Why Foxtons Group PLC Jumped 28% In May

What: Shares in London estate agent, Foxtons (LSE: FOXT), easily outperformed the wider index during May. They delivered a share price gain of 28%, while the FTSE 100 could only manage a rise of 0.3% during the same period.

So What: The main reason for Foxtons’ exceptional share price growth in May was the result of the General Election. Prior to the election, Foxtons had reported a slowdown in demand for properties in London, which it blamed on the uncertainty being created by the possibility of another hung parliament. Furthermore, there were concerns surrounding the election of Ed Miliband as Prime Minister, with his mansion tax and apparent anti-business policies also causing investor demand in London property to be relatively subdued.

However, with the Conservative majority victory, investors appear to be of the view that it is ‘back to normal’ for Foxtons, with sentiment towards the company improving significantly in recent weeks. Of course, this only goes part of the way to correcting the nosedive in Foxtons’ share price that has occurred since it listed 2013, with it still being down 10% on its IPO level despite London property enjoying a boom period since then. As a result, it has been something of a mixed performer since listing less than two years ago.

Now What: While Foxtons’ share price is beginning to recover to its previous highs, it has largely been driven by improving sentiment. Now, investors need to see proof that Foxtons is able to deliver impressive growth numbers. And, looking ahead, its growth prospects are moderately impressive. For example, in the current year, Foxtons is forecast to increase its bottom line by 6%, followed by growth of 10% next year. Both of these figures compare relatively favourably to the wider market’s anticipated growth rate in the mid to high single digits over the next two years.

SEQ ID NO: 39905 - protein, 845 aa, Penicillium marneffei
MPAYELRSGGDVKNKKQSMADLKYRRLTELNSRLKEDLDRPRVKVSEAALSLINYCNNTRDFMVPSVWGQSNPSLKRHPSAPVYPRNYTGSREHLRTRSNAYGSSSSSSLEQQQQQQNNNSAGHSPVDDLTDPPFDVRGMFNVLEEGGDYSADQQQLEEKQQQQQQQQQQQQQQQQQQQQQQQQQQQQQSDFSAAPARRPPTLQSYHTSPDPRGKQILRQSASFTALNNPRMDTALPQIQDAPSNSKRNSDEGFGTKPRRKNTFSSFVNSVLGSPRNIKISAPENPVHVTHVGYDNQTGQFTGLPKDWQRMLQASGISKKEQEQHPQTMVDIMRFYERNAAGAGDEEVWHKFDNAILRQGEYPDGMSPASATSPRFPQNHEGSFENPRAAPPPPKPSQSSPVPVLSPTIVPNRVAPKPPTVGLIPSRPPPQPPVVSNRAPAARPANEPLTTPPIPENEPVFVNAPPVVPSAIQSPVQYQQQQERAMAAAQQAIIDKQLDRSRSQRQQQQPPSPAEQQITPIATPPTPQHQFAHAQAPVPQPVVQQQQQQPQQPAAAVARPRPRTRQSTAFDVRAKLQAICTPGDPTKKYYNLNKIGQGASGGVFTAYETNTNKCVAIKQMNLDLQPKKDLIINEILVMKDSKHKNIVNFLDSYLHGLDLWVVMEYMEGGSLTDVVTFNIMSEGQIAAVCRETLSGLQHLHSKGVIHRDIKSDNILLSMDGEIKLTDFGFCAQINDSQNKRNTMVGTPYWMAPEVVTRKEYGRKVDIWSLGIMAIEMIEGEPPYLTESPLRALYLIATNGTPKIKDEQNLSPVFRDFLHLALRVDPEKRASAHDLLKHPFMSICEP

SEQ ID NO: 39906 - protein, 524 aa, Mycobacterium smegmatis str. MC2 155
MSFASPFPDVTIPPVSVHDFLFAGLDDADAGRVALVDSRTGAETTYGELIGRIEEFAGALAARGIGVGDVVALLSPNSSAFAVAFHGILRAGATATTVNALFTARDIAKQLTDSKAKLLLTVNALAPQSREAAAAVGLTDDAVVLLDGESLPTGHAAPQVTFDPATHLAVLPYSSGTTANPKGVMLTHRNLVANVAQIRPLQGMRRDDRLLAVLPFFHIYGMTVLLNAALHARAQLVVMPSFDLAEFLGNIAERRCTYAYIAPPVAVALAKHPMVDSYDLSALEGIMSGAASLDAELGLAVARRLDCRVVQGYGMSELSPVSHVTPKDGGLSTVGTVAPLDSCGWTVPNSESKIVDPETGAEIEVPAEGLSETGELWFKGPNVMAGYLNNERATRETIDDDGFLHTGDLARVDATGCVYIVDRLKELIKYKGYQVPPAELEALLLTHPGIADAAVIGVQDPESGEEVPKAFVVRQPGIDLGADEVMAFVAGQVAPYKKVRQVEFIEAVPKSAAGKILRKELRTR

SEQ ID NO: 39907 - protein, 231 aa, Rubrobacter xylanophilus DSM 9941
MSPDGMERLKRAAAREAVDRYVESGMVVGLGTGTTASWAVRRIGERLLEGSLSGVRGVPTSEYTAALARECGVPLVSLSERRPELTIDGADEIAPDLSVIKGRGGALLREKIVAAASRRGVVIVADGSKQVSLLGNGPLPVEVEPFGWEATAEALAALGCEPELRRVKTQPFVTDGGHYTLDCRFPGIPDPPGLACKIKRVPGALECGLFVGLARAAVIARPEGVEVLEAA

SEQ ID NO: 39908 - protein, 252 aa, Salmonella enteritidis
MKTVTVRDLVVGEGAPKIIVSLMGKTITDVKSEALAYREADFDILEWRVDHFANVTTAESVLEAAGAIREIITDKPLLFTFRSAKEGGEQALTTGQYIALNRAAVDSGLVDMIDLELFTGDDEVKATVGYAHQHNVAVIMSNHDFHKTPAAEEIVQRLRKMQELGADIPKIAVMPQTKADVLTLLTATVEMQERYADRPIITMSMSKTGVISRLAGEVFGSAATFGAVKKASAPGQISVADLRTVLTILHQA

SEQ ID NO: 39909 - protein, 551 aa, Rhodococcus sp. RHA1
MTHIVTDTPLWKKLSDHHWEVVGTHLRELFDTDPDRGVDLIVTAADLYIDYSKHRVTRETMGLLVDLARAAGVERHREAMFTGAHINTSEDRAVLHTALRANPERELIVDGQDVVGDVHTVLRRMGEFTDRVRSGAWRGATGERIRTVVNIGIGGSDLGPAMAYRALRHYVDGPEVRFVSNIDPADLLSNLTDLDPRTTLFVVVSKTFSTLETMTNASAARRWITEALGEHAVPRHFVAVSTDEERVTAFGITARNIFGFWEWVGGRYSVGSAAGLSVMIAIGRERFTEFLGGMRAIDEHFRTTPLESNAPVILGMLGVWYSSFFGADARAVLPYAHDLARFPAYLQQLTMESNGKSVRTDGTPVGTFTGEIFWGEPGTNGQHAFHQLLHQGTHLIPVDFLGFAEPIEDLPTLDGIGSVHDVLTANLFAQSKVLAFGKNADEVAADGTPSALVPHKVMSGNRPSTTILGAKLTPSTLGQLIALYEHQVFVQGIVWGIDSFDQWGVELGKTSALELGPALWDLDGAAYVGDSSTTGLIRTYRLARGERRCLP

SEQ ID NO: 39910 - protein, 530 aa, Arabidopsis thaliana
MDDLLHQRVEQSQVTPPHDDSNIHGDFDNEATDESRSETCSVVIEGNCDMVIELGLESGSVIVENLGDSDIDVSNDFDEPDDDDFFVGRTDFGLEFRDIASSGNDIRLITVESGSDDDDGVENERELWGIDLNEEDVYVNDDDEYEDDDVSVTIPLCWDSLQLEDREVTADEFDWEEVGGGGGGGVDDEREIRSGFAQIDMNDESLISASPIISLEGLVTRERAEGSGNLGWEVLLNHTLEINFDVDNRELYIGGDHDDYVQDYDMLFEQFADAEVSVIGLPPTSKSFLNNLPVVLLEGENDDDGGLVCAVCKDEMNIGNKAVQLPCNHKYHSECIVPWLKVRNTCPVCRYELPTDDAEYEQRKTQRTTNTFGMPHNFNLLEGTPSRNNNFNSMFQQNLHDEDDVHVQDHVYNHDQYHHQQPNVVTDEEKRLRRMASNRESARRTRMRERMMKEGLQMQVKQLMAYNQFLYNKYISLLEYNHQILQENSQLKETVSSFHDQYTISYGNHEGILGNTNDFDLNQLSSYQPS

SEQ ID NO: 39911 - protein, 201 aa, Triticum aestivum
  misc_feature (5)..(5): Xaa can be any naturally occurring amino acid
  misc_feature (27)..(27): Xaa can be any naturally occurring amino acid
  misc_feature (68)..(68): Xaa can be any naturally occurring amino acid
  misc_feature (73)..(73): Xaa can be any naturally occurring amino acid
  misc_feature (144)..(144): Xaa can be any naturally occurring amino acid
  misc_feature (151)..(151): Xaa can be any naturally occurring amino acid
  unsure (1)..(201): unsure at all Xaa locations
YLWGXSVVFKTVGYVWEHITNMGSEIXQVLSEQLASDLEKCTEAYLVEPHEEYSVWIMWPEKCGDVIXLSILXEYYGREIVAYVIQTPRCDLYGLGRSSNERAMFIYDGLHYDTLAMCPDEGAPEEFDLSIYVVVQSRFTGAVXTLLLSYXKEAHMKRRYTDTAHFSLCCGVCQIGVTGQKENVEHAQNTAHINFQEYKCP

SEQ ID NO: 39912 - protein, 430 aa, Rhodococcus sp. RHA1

However, the challenge for investors is that, following the recent share price rise, Foxtons now looks somewhat fully valued. For example, it trades on a price to earnings (P/E) ratio of 19.4 (versus around 15.6 for the wider index) and, even with upbeat growth prospects, this still equates to a relatively unappealing price to earnings growth (PEG) ratio of 1.8.

As such, Foxtons could see its share price come under pressure over the medium term. That’s especially likely since the EU referendum debate is likely to cause considerable uncertainty over the next couple of years and could have a similar effect on demand for London property as the General Election did prior to May. Therefore, while Foxtons is a stock that is worth watching, now may not be the right time to add it to your portfolio, with there being a number of stocks with more obvious catalysts to push their share prices to higher highs.

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Peter Stephens has no position in any shares mentioned. The Motley Fool UK has no position in any of the shares mentioned. We Fools don't all hold the same opinions, but we all believe that considering a diverse range of insights makes us better investors.